Ingredients


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    Saffron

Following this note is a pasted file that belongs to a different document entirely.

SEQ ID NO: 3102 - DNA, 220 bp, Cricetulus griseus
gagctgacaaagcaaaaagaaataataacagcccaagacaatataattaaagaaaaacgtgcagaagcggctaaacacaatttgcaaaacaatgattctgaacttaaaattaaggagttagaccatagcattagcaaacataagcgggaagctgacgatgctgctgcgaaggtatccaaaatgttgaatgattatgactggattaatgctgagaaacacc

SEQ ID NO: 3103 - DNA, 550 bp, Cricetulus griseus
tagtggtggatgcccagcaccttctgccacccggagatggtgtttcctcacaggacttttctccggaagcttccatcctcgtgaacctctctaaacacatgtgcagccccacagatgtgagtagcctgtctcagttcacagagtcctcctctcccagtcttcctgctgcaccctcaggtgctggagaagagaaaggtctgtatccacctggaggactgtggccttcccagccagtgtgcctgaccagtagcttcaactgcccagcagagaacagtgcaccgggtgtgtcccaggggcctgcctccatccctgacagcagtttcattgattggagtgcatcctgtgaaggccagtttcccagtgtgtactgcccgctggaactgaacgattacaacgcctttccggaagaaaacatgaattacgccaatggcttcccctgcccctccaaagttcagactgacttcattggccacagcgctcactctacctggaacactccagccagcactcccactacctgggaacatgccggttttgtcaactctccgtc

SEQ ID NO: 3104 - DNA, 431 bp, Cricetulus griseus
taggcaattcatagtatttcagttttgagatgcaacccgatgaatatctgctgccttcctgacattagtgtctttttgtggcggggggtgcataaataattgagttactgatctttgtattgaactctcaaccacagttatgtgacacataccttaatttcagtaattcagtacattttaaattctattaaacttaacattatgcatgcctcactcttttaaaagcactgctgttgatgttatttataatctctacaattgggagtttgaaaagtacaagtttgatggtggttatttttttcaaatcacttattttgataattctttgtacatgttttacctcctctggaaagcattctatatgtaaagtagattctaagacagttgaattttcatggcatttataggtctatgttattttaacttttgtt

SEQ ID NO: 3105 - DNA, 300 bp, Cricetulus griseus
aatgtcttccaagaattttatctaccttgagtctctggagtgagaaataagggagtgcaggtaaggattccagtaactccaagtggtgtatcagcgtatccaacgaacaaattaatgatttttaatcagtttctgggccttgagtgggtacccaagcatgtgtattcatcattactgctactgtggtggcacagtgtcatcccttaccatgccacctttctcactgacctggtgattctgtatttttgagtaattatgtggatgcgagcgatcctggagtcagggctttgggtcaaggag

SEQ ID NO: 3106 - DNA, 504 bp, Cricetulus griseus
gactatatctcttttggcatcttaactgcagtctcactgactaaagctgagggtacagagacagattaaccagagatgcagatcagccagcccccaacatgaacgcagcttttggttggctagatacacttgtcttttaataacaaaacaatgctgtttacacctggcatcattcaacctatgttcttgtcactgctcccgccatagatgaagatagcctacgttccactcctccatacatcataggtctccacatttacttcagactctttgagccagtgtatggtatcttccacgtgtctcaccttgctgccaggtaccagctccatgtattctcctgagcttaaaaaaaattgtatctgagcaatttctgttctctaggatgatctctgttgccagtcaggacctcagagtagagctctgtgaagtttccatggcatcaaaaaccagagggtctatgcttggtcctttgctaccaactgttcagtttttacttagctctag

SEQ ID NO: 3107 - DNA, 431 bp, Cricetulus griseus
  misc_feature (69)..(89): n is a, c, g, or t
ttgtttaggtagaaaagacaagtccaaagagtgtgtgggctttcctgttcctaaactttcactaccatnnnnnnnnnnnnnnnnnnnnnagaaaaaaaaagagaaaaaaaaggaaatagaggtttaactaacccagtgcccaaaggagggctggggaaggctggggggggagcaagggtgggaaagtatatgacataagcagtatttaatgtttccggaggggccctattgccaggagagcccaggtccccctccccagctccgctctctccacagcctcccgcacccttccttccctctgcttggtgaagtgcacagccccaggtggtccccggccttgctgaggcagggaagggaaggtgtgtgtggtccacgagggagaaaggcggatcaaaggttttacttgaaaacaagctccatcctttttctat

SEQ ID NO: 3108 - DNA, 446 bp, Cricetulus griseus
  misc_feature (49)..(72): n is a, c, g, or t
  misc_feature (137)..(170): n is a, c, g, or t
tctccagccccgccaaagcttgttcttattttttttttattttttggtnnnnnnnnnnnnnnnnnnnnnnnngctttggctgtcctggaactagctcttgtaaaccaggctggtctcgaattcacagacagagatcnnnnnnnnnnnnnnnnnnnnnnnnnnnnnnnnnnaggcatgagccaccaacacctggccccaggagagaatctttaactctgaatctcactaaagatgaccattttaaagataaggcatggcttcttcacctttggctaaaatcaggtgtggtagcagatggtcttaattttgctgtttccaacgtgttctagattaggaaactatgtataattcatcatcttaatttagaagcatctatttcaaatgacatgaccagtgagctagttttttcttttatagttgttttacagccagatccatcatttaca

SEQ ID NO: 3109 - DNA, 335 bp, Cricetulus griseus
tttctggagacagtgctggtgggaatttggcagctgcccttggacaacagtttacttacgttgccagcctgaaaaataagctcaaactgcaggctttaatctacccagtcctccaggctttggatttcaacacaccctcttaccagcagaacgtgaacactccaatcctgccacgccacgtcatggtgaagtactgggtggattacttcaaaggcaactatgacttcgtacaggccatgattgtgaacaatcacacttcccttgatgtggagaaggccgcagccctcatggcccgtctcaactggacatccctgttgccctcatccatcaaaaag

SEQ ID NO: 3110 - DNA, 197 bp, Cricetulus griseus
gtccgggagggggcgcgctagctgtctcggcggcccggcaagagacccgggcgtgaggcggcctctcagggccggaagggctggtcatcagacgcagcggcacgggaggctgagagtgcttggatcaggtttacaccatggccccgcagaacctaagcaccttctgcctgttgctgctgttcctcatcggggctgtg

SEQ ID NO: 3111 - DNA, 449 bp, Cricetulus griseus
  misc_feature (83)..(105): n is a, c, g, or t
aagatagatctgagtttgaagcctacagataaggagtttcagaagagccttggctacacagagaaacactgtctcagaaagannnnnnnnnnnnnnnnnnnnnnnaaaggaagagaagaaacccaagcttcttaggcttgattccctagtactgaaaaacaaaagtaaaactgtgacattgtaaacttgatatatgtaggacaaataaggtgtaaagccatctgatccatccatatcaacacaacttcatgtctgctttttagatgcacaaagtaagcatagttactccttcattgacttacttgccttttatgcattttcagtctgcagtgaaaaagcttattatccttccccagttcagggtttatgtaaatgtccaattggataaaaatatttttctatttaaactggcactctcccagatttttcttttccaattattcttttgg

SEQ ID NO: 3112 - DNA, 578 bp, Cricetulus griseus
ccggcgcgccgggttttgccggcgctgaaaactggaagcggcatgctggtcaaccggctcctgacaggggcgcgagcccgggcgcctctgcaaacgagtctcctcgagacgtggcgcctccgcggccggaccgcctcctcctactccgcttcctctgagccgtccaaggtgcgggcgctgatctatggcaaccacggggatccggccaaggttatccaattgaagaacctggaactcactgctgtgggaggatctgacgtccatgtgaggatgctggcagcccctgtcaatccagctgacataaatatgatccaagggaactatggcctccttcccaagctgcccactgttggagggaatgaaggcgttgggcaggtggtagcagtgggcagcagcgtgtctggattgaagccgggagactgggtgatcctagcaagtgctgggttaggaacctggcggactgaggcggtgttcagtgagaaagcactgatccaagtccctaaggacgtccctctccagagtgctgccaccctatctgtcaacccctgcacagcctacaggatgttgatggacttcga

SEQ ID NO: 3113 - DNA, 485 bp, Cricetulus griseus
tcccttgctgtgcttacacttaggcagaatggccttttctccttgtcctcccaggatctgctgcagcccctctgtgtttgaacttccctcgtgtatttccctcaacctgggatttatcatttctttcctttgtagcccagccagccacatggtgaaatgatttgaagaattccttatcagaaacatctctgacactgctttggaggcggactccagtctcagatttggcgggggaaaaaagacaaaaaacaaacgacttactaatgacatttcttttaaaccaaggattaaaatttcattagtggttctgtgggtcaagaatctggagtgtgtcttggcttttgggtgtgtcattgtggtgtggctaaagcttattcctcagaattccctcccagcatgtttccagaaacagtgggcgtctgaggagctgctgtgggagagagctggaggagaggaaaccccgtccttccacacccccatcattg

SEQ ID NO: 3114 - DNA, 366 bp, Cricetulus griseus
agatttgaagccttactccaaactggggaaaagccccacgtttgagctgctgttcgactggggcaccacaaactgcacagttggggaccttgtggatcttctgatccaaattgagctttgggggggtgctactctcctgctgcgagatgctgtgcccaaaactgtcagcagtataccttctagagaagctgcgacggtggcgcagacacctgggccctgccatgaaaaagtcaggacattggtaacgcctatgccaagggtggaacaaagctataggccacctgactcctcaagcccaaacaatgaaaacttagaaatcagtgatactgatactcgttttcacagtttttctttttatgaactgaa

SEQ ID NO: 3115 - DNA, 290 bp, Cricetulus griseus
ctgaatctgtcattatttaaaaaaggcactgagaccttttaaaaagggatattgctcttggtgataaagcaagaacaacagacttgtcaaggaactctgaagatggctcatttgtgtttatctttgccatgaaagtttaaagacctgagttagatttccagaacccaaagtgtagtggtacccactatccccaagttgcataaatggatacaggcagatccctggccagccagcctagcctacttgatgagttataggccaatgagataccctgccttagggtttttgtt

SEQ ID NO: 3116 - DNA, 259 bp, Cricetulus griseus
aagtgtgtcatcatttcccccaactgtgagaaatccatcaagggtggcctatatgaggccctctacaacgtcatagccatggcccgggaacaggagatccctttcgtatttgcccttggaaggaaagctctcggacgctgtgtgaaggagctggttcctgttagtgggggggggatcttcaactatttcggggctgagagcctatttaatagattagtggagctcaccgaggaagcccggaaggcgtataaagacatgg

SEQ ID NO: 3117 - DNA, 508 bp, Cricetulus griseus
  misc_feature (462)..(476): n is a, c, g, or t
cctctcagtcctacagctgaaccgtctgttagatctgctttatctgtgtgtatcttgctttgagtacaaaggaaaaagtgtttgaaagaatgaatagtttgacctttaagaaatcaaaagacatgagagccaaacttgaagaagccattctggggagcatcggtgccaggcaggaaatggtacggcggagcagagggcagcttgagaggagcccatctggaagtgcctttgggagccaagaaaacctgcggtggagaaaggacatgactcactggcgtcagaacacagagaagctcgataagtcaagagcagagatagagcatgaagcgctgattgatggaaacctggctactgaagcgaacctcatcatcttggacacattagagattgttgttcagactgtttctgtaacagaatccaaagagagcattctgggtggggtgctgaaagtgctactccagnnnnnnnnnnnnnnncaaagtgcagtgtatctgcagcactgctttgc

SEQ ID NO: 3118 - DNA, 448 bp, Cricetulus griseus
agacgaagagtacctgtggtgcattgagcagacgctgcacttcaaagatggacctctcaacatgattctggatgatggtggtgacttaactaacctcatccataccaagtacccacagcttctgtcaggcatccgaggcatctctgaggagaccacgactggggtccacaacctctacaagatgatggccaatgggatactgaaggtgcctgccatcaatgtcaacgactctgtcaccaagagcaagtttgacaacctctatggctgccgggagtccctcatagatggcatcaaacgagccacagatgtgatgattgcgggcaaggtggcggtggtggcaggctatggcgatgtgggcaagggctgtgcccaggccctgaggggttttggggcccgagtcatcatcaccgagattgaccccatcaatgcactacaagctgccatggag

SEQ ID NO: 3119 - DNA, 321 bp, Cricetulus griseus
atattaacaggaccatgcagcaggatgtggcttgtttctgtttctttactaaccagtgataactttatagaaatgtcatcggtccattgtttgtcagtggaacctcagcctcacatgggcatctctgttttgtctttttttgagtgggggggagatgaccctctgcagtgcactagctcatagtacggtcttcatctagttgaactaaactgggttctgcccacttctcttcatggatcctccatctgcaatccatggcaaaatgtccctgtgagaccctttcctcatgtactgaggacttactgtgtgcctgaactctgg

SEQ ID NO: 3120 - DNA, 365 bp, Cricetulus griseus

Saffron is a very costly spice, used to flavor and color food. The spice is actually the dried stigma (tiny threadlike strands) of the Crocus Sativus Linneaus, a member of the iris family. Since the stigmas are hand-plucked from the individual flowers, saffron's high cost becomes more understandable. It is thought that saffron is the most expensive spice in the world. Saffron originated in the middle east, but is now also associated with Greek, Indian and Spanish cuisines. Fortunately, a very little saffron goes a long way — it is a spice to be added one thread at a time. Just a thread or two can flavor and color an entire pot of rice. The flavor is distinctive and pungent. Most 'saffron rice' mixes commercially available actually use a substitute which dyes the rice the distinctive yellow but which does not impart the flavor of true saffron. Saffron is widely used in Ayurvedic medicine, India's traditional system of health that relies on natural products, prevention and balance. It is used in remedies for everything from arthritis and asthma to infertility and impotence. Ancient Egyptians used saffron to treat kidney problems, and there are now research results that might suggest that one of the ingredients in saffron lowers (or assists in lowering) high cholesterol.